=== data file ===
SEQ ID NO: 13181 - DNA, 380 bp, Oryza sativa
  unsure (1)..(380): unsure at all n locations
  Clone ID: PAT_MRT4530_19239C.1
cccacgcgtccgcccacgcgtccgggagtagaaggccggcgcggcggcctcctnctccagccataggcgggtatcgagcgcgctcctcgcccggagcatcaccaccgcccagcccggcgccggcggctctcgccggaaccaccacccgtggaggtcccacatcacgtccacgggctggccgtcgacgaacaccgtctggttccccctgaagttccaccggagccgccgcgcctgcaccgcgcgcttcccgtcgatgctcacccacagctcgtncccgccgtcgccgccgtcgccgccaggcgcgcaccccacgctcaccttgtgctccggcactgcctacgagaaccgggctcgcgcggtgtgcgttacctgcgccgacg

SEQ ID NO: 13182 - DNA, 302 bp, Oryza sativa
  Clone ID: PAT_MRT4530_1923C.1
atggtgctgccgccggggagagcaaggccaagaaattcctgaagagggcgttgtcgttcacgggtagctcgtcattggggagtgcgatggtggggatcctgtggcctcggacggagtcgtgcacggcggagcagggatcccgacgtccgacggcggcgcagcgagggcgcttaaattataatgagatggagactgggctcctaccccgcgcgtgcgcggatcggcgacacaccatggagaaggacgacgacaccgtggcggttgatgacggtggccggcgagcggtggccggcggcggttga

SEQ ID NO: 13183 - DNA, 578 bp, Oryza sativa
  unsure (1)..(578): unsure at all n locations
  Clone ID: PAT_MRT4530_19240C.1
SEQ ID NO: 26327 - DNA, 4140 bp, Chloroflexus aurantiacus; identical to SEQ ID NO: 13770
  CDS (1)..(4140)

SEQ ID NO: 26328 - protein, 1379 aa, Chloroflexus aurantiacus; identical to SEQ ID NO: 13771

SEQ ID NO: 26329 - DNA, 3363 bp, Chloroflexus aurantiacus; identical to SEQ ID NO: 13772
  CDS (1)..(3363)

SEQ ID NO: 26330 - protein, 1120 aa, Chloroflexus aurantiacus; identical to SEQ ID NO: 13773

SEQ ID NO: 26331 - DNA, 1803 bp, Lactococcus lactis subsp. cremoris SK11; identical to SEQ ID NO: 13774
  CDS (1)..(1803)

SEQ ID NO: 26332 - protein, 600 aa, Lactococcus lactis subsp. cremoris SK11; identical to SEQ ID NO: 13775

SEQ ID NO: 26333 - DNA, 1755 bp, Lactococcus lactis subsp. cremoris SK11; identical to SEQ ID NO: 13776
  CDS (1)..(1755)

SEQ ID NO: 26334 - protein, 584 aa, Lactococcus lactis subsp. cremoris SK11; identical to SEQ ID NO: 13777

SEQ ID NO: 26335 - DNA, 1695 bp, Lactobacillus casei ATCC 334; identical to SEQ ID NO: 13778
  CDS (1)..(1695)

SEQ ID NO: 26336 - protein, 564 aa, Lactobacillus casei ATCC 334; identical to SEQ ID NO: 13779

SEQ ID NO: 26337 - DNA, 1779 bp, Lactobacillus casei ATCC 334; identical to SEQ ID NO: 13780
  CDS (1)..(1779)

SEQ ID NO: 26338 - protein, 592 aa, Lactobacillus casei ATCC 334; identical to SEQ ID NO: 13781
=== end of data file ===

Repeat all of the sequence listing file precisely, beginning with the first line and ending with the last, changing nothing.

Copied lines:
SEQ ID NO: 13181 - DNA, 380 bp, Oryza sativa
  unsure (1)..(380): unsure at all n locations
  Clone ID: PAT_MRT4530_19239C.1
cccacgcgtccgcccacgcgtccgggagtagaaggccggcgcggcggcctcctnctccagccataggcgggtatcgagcgcgctcctcgcccggagcatcaccaccgcccagcccggcgccggcggctctcgccggaaccaccacccgtggaggtcccacatcacgtccacgggctggccgtcgacgaacaccgtctggttccccctgaagttccaccggagccgccgcgcctgcaccgcgcgcttcccgtcgatgctcacccacagctcgtncccgccgtcgccgccgtcgccgccaggcgcgcaccccacgctcaccttgtgctccggcactgcctacgagaaccgggctcgcgcggtgtgcgttacctgcgccgacg

SEQ ID NO: 13182 - DNA, 302 bp, Oryza sativa
  Clone ID: PAT_MRT4530_1923C.1
atggtgctgccgccggggagagcaaggccaagaaattcctgaagagggcgttgtcgttcacgggtagctcgtcattggggagtgcgatggtggggatcctgtggcctcggacggagtcgtgcacggcggagcagggatcccgacgtccgacggcggcgcagcgagggcgcttaaattataatgagatggagactgggctcctaccccgcgcgtgcgcggatcggcgacacaccatggagaaggacgacgacaccgtggcggttgatgacggtggccggcgagcggtggccggcggcggttga

SEQ ID NO: 13183 - DNA, 578 bp, Oryza sativa
  unsure (1)..(578): unsure at all n locations
  Clone ID: PAT_MRT4530_19240C.1
SEQ ID NO: 26327 - DNA, 4140 bp, Chloroflexus aurantiacus; identical to SEQ ID NO: 13770
  CDS (1)..(4140)

SEQ ID NO: 26328 - protein, 1379 aa, Chloroflexus aurantiacus; identical to SEQ ID NO: 13771

SEQ ID NO: 26329 - DNA, 3363 bp, Chloroflexus aurantiacus; identical to SEQ ID NO: 13772
  CDS (1)..(3363)

SEQ ID NO: 26330 - protein, 1120 aa, Chloroflexus aurantiacus; identical to SEQ ID NO: 13773

SEQ ID NO: 26331 - DNA, 1803 bp, Lactococcus lactis subsp. cremoris SK11; identical to SEQ ID NO: 13774
  CDS (1)..(1803)

SEQ ID NO: 26332 - protein, 600 aa, Lactococcus lactis subsp. cremoris SK11; identical to SEQ ID NO: 13775

SEQ ID NO: 26333 - DNA, 1755 bp, Lactococcus lactis subsp. cremoris SK11; identical to SEQ ID NO: 13776
  CDS (1)..(1755)

SEQ ID NO: 26334 - protein, 584 aa, Lactococcus lactis subsp. cremoris SK11; identical to SEQ ID NO: 13777

SEQ ID NO: 26335 - DNA, 1695 bp, Lactobacillus casei ATCC 334; identical to SEQ ID NO: 13778
  CDS (1)..(1695)

SEQ ID NO: 26336 - protein, 564 aa, Lactobacillus casei ATCC 334; identical to SEQ ID NO: 13779

SEQ ID NO: 26337 - DNA, 1779 bp, Lactobacillus casei ATCC 334; identical to SEQ ID NO: 13780
  CDS (1)..(1779)

SEQ ID NO: 26338 - protein, 592 aa, Lactobacillus casei ATCC 334; identical to SEQ ID NO: 13781